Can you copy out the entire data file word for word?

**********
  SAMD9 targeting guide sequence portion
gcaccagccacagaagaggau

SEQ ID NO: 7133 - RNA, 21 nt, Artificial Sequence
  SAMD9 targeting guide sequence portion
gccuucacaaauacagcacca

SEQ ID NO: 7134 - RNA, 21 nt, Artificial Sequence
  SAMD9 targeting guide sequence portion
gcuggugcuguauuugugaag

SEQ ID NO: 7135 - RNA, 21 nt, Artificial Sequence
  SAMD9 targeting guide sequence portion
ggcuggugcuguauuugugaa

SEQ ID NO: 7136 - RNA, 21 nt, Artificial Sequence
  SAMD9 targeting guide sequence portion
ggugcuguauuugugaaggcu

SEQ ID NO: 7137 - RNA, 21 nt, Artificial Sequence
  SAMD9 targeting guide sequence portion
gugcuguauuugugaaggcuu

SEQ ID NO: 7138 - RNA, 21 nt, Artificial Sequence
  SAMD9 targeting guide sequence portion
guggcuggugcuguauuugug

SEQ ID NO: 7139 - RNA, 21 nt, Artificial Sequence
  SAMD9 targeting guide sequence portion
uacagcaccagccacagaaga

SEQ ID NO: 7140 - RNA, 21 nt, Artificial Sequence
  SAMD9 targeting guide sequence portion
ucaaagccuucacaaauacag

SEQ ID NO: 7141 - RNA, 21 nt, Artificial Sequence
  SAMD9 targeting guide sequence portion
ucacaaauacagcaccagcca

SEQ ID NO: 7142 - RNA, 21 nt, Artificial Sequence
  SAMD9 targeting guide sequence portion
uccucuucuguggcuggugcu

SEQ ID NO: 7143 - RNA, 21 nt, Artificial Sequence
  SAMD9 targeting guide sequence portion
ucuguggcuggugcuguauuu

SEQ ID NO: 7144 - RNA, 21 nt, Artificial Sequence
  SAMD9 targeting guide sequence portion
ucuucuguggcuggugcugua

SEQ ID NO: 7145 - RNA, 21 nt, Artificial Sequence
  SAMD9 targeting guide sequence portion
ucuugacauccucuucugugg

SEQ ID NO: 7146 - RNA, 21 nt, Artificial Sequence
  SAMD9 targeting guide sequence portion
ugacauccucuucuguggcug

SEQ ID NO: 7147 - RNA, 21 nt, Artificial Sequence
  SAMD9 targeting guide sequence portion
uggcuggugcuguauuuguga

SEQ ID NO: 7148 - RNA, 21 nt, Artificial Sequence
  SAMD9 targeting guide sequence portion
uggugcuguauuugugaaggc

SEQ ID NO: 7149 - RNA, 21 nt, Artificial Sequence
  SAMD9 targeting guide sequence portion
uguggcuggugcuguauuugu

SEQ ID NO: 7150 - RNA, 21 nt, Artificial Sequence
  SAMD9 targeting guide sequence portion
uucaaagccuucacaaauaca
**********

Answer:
  SAMD9 targeting guide sequence portion
gcaccagccacagaagaggau

SEQ ID NO: 7133 - RNA, 21 nt, Artificial Sequence
  SAMD9 targeting guide sequence portion
gccuucacaaauacagcacca

SEQ ID NO: 7134 - RNA, 21 nt, Artificial Sequence
  SAMD9 targeting guide sequence portion
gcuggugcuguauuugugaag

SEQ ID NO: 7135 - RNA, 21 nt, Artificial Sequence
  SAMD9 targeting guide sequence portion
ggcuggugcuguauuugugaa

SEQ ID NO: 7136 - RNA, 21 nt, Artificial Sequence
  SAMD9 targeting guide sequence portion
ggugcuguauuugugaaggcu

SEQ ID NO: 7137 - RNA, 21 nt, Artificial Sequence
  SAMD9 targeting guide sequence portion
gugcuguauuugugaaggcuu

SEQ ID NO: 7138 - RNA, 21 nt, Artificial Sequence
  SAMD9 targeting guide sequence portion
guggcuggugcuguauuugug

SEQ ID NO: 7139 - RNA, 21 nt, Artificial Sequence
  SAMD9 targeting guide sequence portion
uacagcaccagccacagaaga

SEQ ID NO: 7140 - RNA, 21 nt, Artificial Sequence
  SAMD9 targeting guide sequence portion
ucaaagccuucacaaauacag

SEQ ID NO: 7141 - RNA, 21 nt, Artificial Sequence
  SAMD9 targeting guide sequence portion
ucacaaauacagcaccagcca

SEQ ID NO: 7142 - RNA, 21 nt, Artificial Sequence
  SAMD9 targeting guide sequence portion
uccucuucuguggcuggugcu

SEQ ID NO: 7143 - RNA, 21 nt, Artificial Sequence
  SAMD9 targeting guide sequence portion
ucuguggcuggugcuguauuu

SEQ ID NO: 7144 - RNA, 21 nt, Artificial Sequence
  SAMD9 targeting guide sequence portion
ucuucuguggcuggugcugua

SEQ ID NO: 7145 - RNA, 21 nt, Artificial Sequence
  SAMD9 targeting guide sequence portion
ucuugacauccucuucugugg

SEQ ID NO: 7146 - RNA, 21 nt, Artificial Sequence
  SAMD9 targeting guide sequence portion
ugacauccucuucuguggcug

SEQ ID NO: 7147 - RNA, 21 nt, Artificial Sequence
  SAMD9 targeting guide sequence portion
uggcuggugcuguauuuguga

SEQ ID NO: 7148 - RNA, 21 nt, Artificial Sequence
  SAMD9 targeting guide sequence portion
uggugcuguauuugugaaggc

SEQ ID NO: 7149 - RNA, 21 nt, Artificial Sequence
  SAMD9 targeting guide sequence portion
uguggcuggugcuguauuugu

SEQ ID NO: 7150 - RNA, 21 nt, Artificial Sequence
  SAMD9 targeting guide sequence portion
uucaaagccuucacaaauaca